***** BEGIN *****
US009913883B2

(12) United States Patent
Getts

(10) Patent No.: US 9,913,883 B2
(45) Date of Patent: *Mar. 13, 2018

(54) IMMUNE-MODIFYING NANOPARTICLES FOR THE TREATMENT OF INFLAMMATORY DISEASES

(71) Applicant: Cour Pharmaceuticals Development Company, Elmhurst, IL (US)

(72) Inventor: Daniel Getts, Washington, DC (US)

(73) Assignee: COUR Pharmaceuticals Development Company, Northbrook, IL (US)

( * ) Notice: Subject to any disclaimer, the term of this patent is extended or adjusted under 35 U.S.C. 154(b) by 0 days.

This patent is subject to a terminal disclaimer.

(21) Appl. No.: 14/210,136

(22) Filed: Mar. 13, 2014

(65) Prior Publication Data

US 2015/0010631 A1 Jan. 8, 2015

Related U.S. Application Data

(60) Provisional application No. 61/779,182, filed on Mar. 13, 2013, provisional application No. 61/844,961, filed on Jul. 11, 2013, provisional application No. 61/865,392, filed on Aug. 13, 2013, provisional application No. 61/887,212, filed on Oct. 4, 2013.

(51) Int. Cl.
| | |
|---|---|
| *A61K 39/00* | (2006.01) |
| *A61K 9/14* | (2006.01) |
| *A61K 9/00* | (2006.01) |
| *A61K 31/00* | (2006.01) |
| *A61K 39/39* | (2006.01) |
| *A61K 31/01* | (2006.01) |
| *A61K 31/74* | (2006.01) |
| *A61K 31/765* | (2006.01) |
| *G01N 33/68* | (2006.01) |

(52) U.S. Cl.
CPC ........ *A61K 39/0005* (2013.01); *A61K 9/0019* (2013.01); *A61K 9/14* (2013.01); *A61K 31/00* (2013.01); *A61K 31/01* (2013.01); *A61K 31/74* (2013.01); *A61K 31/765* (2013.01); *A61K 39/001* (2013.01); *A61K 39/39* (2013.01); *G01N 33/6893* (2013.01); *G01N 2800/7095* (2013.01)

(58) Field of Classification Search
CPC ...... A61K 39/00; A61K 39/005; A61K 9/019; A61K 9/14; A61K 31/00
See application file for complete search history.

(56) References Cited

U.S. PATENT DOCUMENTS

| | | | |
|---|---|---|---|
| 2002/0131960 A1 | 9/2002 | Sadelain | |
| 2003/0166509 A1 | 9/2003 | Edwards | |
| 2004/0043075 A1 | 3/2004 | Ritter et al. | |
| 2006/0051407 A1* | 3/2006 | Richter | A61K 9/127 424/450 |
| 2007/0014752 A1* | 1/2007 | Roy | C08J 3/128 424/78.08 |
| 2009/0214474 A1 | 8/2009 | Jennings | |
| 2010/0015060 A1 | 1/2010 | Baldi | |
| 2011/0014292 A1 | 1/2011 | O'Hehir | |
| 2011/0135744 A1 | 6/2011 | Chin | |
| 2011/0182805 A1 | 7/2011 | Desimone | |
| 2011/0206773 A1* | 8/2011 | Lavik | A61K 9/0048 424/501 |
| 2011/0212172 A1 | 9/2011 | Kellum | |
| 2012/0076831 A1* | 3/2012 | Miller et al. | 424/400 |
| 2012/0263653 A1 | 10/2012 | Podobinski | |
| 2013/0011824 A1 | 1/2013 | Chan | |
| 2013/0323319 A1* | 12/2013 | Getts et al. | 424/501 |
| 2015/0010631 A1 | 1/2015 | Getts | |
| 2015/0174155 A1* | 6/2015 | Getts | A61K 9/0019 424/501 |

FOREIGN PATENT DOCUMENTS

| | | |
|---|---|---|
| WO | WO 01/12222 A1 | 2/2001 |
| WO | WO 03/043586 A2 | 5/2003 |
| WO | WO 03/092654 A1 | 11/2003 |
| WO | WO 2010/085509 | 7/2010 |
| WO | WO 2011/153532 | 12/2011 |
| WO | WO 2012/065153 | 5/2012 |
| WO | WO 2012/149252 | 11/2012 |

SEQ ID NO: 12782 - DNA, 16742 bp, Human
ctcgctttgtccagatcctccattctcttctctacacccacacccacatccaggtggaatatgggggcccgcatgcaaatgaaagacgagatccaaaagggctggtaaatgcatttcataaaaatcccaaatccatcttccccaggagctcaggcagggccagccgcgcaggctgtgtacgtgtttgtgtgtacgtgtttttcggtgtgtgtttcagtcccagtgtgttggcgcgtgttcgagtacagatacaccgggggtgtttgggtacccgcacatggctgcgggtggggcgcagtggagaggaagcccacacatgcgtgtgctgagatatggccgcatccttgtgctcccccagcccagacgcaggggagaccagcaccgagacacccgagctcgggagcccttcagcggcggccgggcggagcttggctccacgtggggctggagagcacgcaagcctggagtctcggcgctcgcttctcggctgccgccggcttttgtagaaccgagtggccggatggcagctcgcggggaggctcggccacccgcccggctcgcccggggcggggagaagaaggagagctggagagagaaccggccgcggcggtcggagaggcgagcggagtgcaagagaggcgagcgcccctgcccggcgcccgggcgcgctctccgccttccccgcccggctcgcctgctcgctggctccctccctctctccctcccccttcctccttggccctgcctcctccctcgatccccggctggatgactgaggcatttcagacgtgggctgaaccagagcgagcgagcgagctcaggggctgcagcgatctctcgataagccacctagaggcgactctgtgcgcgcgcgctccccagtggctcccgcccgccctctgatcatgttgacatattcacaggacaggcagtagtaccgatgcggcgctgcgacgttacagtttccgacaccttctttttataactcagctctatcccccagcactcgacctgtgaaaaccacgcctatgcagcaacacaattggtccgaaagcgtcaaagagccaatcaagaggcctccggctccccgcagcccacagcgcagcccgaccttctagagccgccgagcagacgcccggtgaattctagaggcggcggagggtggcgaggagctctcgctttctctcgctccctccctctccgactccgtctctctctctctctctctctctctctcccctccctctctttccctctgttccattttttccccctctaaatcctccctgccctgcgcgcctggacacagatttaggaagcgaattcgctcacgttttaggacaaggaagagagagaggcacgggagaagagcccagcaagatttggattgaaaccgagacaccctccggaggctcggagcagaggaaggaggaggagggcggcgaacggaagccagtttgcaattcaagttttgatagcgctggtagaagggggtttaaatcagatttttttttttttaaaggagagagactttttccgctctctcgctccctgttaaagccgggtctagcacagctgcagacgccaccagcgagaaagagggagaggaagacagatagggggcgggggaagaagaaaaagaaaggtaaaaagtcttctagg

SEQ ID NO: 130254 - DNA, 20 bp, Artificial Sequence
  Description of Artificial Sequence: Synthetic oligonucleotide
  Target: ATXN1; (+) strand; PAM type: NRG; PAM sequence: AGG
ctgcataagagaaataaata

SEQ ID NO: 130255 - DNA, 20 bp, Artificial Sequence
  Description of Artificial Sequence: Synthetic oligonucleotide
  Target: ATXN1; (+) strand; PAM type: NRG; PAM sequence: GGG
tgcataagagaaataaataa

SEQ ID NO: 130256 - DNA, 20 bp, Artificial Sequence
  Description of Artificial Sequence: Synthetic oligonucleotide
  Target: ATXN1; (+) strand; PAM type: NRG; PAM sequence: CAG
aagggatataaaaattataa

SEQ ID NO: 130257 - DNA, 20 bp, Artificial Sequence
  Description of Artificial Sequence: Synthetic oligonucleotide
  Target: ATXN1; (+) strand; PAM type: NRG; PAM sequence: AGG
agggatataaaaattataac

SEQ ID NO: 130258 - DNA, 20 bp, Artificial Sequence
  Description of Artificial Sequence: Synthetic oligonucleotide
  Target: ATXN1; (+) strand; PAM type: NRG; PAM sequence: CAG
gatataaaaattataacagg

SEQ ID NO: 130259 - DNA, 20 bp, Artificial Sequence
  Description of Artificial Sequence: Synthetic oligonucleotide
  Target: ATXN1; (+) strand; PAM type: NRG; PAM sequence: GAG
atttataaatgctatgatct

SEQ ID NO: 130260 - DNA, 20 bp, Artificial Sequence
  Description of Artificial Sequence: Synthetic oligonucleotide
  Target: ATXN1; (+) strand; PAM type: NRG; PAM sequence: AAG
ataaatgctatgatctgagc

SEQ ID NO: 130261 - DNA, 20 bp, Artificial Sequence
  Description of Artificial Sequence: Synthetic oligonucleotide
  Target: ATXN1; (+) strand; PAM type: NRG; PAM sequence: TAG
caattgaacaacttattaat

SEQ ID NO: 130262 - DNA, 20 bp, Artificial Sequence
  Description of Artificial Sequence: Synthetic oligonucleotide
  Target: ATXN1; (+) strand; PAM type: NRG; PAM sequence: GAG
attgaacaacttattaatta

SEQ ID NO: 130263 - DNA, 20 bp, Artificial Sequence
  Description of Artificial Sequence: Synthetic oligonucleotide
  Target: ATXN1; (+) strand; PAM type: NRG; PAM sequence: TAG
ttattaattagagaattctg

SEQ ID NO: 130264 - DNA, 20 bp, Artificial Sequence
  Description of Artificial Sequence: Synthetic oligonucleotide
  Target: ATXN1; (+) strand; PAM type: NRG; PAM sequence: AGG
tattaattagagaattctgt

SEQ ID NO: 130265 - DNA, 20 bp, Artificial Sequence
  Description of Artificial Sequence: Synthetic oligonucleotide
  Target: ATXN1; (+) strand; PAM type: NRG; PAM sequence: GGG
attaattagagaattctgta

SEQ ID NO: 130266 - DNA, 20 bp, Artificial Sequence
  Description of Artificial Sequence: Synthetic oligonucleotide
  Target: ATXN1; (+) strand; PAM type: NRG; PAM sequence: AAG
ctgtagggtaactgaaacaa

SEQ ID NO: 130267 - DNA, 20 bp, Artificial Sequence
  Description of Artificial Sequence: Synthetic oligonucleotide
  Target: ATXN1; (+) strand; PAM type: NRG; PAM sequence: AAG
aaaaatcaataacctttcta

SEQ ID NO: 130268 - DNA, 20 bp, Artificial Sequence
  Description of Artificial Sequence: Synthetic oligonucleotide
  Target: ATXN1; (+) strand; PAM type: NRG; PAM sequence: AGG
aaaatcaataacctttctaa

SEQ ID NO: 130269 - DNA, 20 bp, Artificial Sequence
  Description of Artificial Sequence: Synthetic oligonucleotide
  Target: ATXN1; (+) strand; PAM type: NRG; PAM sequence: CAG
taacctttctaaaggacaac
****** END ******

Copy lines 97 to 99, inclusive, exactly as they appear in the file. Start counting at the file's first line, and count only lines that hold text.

SEQ ID NO: 130261 - DNA, 20 bp, Artificial Sequence
  Description of Artificial Sequence: Synthetic oligonucleotide
  Target: ATXN1; (+) strand; PAM type: NRG; PAM sequence: TAG